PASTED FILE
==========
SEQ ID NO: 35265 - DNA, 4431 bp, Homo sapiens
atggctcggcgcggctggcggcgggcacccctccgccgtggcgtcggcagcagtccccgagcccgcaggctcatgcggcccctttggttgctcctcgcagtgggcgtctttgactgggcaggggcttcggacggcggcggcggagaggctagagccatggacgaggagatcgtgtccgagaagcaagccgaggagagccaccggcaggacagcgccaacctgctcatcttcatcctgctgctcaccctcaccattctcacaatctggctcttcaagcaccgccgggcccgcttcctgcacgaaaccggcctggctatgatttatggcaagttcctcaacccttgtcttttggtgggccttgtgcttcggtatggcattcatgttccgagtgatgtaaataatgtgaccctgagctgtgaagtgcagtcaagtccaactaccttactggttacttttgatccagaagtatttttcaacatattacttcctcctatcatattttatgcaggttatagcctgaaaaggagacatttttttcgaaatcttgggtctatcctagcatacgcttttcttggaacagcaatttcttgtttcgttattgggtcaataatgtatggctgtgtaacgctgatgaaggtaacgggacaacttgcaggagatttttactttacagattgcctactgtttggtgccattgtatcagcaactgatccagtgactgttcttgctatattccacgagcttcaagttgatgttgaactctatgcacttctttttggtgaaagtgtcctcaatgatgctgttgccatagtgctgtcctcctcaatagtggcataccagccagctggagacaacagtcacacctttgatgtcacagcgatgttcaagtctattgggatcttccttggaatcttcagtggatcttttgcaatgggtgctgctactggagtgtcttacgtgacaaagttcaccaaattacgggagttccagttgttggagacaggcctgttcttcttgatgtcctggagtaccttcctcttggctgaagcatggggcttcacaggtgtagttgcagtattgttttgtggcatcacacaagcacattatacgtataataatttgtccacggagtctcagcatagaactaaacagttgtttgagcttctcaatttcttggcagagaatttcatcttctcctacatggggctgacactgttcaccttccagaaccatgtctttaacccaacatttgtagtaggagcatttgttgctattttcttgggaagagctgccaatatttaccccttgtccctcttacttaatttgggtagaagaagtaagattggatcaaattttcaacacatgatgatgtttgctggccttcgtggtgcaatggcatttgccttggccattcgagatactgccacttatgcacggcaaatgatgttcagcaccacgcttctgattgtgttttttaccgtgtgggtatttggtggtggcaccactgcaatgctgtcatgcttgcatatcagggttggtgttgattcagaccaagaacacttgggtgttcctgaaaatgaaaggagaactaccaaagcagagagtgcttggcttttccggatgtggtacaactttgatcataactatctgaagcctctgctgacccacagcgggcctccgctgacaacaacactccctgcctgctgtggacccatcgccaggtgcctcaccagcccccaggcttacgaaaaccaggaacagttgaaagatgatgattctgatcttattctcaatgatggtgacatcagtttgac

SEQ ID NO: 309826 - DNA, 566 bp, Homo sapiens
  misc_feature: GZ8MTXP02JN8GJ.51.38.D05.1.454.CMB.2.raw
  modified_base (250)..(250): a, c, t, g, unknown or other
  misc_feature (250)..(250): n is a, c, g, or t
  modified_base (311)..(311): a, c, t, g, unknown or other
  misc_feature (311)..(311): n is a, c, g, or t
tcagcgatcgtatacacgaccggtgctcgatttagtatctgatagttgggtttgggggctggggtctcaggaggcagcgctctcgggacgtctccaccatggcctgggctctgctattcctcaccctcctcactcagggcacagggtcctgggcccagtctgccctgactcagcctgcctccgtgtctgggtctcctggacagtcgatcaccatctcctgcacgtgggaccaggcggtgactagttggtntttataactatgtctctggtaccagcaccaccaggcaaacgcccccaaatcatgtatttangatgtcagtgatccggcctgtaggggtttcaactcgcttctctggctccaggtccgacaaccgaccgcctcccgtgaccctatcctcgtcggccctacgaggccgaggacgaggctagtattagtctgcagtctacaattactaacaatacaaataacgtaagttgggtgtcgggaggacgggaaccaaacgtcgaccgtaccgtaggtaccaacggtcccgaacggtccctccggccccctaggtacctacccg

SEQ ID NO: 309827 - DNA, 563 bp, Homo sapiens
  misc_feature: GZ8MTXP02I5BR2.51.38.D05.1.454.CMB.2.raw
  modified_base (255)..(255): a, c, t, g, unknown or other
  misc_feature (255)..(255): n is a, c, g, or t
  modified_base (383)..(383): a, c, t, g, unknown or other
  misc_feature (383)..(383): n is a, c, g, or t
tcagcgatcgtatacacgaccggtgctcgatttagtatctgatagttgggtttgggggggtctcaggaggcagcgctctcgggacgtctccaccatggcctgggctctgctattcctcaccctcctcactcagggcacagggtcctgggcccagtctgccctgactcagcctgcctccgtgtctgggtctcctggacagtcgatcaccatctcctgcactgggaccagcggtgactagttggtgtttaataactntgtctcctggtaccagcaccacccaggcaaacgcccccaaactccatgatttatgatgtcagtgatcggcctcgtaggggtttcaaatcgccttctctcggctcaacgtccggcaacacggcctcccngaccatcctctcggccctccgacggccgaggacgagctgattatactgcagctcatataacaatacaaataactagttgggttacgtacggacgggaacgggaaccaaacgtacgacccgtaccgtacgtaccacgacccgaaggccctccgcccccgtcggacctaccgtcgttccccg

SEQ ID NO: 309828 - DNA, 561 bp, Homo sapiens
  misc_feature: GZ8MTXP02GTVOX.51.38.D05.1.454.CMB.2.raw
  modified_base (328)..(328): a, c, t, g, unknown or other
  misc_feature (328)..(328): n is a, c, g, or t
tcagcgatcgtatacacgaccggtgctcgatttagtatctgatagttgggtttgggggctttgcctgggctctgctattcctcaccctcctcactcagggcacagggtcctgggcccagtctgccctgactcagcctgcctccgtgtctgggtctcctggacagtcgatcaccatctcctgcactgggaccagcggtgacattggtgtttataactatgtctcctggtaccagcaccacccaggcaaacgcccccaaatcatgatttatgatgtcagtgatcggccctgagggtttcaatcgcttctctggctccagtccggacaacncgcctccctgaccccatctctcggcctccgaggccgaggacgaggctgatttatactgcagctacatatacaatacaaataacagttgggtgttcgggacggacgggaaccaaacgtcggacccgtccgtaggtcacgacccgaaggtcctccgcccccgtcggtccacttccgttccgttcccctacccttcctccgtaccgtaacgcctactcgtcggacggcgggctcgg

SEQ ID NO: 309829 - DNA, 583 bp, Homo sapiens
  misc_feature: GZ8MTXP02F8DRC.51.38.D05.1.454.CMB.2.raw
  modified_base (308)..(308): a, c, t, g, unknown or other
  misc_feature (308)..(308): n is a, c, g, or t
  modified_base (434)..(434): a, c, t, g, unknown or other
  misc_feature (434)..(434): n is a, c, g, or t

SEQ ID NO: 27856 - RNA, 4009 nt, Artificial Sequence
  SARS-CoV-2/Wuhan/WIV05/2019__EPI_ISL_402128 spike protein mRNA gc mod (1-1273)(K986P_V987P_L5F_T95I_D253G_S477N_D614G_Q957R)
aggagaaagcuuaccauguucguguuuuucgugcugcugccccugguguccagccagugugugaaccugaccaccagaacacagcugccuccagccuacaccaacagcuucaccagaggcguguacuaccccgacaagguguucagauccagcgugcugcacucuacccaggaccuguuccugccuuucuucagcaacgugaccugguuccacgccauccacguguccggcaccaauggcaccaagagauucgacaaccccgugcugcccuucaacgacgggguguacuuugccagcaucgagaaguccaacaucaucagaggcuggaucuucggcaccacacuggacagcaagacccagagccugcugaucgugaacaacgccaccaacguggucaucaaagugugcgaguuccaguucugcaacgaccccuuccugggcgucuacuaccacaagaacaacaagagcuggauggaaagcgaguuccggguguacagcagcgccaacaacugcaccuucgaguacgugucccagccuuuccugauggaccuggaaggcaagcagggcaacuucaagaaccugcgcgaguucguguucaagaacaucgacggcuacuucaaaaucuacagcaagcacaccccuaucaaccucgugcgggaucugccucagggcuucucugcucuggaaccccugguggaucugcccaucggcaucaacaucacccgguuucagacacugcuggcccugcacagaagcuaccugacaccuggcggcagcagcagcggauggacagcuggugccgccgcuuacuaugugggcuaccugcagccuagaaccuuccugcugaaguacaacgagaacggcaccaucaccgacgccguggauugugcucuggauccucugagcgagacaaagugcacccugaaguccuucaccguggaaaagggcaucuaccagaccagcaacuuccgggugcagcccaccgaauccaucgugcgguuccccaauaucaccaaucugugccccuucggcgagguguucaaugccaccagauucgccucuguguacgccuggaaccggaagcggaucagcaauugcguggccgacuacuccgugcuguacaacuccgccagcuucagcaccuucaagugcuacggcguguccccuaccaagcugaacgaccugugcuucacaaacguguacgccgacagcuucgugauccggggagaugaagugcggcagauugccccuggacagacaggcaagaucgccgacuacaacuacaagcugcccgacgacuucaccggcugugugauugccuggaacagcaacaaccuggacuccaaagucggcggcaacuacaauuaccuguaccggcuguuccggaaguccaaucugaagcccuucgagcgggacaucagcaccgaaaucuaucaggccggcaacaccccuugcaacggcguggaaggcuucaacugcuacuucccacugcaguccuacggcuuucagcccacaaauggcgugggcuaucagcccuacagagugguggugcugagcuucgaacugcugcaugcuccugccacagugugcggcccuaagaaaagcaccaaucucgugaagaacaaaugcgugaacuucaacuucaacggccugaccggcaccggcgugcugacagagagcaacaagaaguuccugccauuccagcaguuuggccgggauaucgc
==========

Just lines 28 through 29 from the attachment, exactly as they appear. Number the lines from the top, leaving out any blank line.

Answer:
SEQ ID NO: 27856 - RNA, 4009 nt, Artificial Sequence
  SARS-CoV-2/Wuhan/WIV05/2019__EPI_ISL_402128 spike protein mRNA gc mod (1-1273)(K986P_V987P_L5F_T95I_D253G_S477N_D614G_Q957R)